How have black protestant’s responded to their lynchings through American history? Malcolm Foley (PhD Candidate in Religion at Baylor University and Director of Discipleship at Mosaic Waco) joins Matt and Derek to discuss his research on this issue and how it illumines some of the current events surrounding George Floyd, protests, unrest, and racism in America.


American Lynchings [0:00 – 9:32]

African-American’s hope amidst despair [9:32 – 16:43]

The white protestant response to African-American lynchings [16:43 – 20:17]

The multiple variables in the deaths of those like George Floyd [20:17 – 26:19]

What has generated change in the past? [26:19 – 35:00]

How to respond to those co-opting the protests around George Floyd [35:00 – 43:20]

Disentangling ourselves from extreme as well as trepid figures and voices [43:20 – 51:58]


If you’re interested in supporting the show financially, you can check out our Patreon here.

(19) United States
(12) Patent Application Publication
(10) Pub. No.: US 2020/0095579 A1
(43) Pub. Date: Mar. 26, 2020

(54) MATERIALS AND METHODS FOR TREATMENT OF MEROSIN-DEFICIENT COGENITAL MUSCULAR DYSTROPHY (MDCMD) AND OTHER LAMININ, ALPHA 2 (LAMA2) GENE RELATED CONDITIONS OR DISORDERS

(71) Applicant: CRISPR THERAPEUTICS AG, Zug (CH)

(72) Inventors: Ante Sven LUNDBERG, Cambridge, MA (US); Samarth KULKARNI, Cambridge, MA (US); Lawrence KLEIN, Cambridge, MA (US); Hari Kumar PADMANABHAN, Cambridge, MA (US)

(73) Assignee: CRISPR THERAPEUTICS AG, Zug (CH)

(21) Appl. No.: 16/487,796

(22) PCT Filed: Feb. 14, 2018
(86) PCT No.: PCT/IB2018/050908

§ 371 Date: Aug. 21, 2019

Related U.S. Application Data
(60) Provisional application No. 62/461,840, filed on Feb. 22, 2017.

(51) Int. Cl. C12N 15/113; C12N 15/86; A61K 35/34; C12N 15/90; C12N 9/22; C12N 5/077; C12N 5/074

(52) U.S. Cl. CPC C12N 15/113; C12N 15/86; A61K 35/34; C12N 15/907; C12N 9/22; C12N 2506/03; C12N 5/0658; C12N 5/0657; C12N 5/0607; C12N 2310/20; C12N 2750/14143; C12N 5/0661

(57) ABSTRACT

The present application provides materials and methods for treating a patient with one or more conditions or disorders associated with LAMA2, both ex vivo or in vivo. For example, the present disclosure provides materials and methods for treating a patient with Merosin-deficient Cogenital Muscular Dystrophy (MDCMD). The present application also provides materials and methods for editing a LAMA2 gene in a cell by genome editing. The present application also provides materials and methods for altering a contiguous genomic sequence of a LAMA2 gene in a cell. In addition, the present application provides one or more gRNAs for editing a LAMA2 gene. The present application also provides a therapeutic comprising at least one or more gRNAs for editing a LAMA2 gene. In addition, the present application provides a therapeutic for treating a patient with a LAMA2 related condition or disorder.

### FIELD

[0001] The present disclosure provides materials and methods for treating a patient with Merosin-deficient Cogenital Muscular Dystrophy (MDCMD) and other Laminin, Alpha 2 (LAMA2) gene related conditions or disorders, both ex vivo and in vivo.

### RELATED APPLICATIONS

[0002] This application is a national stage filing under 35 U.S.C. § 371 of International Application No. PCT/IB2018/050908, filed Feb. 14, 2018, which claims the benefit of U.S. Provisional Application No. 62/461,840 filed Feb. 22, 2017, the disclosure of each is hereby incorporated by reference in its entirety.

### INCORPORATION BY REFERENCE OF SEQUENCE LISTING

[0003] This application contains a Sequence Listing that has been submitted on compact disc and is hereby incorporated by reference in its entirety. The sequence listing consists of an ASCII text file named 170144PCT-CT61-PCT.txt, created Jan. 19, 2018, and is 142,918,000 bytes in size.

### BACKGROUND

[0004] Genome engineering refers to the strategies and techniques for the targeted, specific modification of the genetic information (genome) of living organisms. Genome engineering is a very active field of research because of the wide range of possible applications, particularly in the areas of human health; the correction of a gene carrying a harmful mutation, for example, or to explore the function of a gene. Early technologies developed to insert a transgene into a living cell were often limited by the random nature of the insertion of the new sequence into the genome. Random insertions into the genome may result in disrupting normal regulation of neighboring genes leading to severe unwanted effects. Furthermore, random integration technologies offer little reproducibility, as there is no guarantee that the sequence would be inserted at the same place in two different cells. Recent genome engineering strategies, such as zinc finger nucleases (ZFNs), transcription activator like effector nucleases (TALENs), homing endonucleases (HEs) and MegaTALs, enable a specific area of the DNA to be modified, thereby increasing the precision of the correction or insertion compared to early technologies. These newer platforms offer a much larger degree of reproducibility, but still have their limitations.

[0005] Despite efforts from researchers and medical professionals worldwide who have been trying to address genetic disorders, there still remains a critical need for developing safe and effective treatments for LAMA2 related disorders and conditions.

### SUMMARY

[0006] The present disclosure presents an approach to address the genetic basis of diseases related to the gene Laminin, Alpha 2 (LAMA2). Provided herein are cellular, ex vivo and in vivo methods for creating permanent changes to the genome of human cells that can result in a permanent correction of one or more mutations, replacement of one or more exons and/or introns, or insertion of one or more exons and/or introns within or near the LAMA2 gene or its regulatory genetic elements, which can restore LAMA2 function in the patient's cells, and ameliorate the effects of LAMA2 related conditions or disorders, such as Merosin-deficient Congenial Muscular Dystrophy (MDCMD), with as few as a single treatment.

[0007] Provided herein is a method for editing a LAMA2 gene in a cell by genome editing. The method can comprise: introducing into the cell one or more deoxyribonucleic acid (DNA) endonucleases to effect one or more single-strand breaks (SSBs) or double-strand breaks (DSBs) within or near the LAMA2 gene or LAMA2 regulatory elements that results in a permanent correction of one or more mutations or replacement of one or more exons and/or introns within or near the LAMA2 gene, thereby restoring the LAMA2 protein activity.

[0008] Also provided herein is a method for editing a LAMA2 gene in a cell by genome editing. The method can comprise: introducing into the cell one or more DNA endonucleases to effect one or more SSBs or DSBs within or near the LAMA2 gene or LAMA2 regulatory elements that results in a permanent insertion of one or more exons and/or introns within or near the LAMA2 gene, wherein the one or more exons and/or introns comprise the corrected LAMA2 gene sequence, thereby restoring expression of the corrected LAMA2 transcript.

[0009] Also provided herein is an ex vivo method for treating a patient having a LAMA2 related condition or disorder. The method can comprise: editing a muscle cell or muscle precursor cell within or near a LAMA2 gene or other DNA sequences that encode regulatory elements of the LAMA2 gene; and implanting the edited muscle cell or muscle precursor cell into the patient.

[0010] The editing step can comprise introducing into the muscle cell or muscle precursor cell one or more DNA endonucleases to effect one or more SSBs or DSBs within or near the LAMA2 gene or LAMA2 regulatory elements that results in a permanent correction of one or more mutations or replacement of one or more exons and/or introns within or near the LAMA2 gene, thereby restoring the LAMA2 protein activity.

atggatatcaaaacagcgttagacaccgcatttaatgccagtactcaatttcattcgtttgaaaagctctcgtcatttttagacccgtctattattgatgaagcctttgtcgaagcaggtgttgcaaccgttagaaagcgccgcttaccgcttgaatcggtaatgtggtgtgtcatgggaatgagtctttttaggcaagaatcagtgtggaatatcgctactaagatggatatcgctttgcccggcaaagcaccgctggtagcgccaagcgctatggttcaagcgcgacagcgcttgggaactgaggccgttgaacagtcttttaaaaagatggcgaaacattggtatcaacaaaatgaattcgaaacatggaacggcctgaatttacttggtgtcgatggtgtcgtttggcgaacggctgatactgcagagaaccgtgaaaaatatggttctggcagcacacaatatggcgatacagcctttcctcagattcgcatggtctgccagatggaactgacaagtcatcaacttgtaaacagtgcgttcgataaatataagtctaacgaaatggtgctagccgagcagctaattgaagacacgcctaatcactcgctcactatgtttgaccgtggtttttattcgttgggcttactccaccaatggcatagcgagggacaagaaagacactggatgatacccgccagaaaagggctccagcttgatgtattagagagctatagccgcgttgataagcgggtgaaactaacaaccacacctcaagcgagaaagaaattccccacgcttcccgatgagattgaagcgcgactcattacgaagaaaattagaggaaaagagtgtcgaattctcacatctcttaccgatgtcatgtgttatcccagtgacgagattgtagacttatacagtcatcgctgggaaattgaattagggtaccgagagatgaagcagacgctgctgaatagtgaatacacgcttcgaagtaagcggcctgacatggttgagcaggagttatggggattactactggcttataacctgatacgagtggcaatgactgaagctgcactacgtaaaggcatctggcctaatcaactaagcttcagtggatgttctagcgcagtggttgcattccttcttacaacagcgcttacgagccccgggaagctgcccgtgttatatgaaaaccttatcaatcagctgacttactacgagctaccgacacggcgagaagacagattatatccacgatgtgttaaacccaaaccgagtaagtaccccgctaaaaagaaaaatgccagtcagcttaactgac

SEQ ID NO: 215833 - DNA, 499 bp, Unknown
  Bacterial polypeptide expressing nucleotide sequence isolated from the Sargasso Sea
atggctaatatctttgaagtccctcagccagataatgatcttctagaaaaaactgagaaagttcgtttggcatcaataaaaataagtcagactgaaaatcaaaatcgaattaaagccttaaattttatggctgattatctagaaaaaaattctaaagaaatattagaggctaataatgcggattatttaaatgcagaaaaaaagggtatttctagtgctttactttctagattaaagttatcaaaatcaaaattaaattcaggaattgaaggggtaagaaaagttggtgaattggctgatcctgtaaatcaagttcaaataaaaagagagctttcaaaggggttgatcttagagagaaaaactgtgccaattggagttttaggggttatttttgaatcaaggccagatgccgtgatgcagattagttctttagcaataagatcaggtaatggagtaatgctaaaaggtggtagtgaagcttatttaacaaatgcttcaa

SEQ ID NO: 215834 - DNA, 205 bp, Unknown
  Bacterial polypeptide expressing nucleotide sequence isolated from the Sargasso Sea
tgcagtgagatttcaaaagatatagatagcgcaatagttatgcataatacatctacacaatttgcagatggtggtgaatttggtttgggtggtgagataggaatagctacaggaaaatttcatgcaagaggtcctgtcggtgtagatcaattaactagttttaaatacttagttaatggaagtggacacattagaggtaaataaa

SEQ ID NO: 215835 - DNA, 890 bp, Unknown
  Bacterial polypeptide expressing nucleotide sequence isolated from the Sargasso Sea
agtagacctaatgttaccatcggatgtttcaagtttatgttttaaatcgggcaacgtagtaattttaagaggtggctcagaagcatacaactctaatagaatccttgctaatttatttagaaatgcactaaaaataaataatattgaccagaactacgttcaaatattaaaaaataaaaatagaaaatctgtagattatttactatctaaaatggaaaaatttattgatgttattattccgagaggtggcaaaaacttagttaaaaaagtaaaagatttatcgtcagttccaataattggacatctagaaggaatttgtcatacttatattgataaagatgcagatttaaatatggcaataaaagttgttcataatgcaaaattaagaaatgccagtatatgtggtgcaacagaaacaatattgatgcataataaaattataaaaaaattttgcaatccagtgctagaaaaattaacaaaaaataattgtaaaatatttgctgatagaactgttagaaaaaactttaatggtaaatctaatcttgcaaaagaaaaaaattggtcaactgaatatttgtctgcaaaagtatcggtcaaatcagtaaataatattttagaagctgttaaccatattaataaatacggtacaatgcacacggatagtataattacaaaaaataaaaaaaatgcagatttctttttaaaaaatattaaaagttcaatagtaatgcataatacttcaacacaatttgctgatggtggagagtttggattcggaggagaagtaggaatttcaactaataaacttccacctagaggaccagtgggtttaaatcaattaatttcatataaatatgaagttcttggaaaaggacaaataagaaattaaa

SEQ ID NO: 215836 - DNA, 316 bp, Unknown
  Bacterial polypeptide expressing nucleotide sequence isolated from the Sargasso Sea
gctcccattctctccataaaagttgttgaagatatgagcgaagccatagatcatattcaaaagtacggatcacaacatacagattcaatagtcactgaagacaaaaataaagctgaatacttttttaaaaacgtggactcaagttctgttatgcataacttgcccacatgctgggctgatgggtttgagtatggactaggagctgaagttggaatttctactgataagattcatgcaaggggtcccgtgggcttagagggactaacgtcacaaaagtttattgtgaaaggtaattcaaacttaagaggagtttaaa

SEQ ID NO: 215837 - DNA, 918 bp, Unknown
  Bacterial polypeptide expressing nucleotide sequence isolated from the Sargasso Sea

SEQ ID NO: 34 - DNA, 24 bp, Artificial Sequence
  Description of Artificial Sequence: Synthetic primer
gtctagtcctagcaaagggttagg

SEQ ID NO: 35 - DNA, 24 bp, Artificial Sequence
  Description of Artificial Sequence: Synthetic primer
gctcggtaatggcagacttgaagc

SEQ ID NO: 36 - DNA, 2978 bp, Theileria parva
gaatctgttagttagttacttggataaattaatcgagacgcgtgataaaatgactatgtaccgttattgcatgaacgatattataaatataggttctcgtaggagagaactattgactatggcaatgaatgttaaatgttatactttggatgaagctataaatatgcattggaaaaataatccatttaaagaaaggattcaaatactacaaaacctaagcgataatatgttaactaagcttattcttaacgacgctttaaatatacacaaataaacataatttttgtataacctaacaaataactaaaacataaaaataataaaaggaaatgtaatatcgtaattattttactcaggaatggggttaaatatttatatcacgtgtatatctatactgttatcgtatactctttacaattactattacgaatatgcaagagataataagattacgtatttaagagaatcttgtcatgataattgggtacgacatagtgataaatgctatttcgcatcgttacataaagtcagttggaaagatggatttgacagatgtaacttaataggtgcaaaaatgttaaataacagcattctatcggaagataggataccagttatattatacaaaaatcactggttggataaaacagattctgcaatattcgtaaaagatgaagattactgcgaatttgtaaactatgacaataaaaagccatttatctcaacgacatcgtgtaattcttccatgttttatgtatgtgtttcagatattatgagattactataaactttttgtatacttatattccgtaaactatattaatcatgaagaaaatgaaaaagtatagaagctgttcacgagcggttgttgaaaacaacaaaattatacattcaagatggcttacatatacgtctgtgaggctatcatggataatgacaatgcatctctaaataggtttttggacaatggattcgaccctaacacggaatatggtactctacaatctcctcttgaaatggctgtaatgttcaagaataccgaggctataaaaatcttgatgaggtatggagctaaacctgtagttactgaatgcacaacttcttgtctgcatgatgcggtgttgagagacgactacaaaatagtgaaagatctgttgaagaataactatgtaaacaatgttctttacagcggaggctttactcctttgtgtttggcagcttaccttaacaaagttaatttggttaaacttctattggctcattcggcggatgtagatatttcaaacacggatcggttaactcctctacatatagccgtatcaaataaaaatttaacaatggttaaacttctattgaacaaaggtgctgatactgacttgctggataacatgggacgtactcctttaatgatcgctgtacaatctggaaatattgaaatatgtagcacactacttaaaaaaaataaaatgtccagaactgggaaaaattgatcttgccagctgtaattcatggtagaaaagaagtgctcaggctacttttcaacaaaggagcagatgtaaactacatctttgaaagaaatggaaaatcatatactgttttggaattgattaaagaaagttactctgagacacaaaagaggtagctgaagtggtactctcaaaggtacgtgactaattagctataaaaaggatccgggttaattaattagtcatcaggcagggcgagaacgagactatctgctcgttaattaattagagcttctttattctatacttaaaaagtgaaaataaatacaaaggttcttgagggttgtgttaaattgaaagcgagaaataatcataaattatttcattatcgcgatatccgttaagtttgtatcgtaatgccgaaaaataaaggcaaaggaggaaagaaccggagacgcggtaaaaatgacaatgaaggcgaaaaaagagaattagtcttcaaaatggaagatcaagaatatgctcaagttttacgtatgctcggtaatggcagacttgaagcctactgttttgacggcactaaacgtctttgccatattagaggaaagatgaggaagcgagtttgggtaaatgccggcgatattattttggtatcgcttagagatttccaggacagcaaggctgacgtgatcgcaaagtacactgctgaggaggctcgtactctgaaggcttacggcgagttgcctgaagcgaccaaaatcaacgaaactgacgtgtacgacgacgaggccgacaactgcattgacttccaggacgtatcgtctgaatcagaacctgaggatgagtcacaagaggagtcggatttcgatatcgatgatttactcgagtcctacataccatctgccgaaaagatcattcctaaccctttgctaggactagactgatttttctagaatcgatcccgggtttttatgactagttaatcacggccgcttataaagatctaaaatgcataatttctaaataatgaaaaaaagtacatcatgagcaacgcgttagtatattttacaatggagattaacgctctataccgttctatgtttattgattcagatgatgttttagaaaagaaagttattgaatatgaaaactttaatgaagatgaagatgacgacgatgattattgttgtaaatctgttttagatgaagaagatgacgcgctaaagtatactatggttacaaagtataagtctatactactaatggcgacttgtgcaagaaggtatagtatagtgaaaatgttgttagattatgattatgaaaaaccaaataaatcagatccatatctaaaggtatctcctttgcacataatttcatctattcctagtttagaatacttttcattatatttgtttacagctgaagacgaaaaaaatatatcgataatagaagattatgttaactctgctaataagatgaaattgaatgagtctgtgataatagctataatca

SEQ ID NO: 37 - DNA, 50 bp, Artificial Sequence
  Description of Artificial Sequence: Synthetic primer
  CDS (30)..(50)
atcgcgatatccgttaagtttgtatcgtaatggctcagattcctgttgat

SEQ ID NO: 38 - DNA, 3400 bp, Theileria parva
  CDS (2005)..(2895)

Finally, as always, follow DerekAndrew, and Alastair for more tweet-sized brilliance. Thanks to Timothy Motte for his sound editing work. And thanks to The Joy Eternal for lending us their music, which everybody should download out of gratitude for their kindness.

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Posted by Caleb Wait

Caleb Wait (MATS, Westminster Seminary California) is a writer and the producer of Mere Fidelity. He and his wife Kristin have two children and live in Northern California. You can follow him on Twitter @calebwait and he invites you to email him at


  1. I am so thankful for this episode, especially with Matt’s questions about responding to the protests at 35 minutes. I am a part of an Acts29 church family and I’ve noticed deep divide that seems to follow generational lines: our older members are suspicious of the BLM and these protests and our younger members are very frustrated with our older members’ perceived callousness to the “original intent” of BLM. I guess my question is, how can we as the church have a positive stance right now? If not BLM, and I think there are a lot of reasons for not BLM, then how do we address this moment with the gospel? Does that make any sense?



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